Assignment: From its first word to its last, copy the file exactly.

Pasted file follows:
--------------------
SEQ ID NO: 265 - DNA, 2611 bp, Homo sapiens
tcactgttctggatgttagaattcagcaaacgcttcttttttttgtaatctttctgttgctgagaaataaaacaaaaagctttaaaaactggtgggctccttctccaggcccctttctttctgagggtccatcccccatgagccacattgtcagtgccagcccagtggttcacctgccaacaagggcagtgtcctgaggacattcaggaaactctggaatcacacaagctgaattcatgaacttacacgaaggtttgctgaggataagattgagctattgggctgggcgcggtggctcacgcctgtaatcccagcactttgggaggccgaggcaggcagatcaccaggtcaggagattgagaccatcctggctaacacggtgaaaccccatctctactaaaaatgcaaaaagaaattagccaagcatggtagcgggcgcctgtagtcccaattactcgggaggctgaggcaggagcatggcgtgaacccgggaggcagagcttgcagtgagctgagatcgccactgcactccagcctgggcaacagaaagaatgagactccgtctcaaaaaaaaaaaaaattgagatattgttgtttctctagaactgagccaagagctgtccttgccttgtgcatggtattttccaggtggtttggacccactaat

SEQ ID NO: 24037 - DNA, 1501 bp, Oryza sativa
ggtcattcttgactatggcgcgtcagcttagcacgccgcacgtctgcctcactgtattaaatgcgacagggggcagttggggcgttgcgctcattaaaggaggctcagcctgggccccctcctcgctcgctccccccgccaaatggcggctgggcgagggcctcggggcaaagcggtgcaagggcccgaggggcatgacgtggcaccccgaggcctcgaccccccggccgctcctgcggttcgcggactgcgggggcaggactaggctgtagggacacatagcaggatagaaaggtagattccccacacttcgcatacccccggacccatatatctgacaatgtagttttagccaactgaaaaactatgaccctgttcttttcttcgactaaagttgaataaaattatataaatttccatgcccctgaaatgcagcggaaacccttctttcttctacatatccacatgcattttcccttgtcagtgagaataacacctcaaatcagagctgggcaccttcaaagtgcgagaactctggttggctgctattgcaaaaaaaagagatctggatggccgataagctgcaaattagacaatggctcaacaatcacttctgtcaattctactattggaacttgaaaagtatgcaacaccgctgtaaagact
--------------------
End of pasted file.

SEQ ID NO: 265 - DNA, 2611 bp, Homo sapiens
tcactgttctggatgttagaattcagcaaacgcttcttttttttgtaatctttctgttgctgagaaataaaacaaaaagctttaaaaactggtgggctccttctccaggcccctttctttctgagggtccatcccccatgagccacattgtcagtgccagcccagtggttcacctgccaacaagggcagtgtcctgaggacattcaggaaactctggaatcacacaagctgaattcatgaacttacacgaaggtttgctgaggataagattgagctattgggctgggcgcggtggctcacgcctgtaatcccagcactttgggaggccgaggcaggcagatcaccaggtcaggagattgagaccatcctggctaacacggtgaaaccccatctctactaaaaatgcaaaaagaaattagccaagcatggtagcgggcgcctgtagtcccaattactcgggaggctgaggcaggagcatggcgtgaacccgggaggcagagcttgcagtgagctgagatcgccactgcactccagcctgggcaacagaaagaatgagactccgtctcaaaaaaaaaaaaaattgagatattgttgtttctctagaactgagccaagagctgtccttgccttgtgcatggtattttccaggtggtttggacccactaat

SEQ ID NO: 24037 - DNA, 1501 bp, Oryza sativa
ggtcattcttgactatggcgcgtcagcttagcacgccgcacgtctgcctcactgtattaaatgcgacagggggcagttggggcgttgcgctcattaaaggaggctcagcctgggccccctcctcgctcgctccccccgccaaatggcggctgggcgagggcctcggggcaaagcggtgcaagggcccgaggggcatgacgtggcaccccgaggcctcgaccccccggccgctcctgcggttcgcggactgcgggggcaggactaggctgtagggacacatagcaggatagaaaggtagattccccacacttcgcatacccccggacccatatatctgacaatgtagttttagccaactgaaaaactatgaccctgttcttttcttcgactaaagttgaataaaattatataaatttccatgcccctgaaatgcagcggaaacccttctttcttctacatatccacatgcattttcccttgtcagtgagaataacacctcaaatcagagctgggcaccttcaaagtgcgagaactctggttggctgctattgcaaaaaaaagagatctggatggccgataagctgcaaattagacaatggctcaacaatcacttctgtcaattctactattggaacttgaaaagtatgcaacaccgctgtaaagact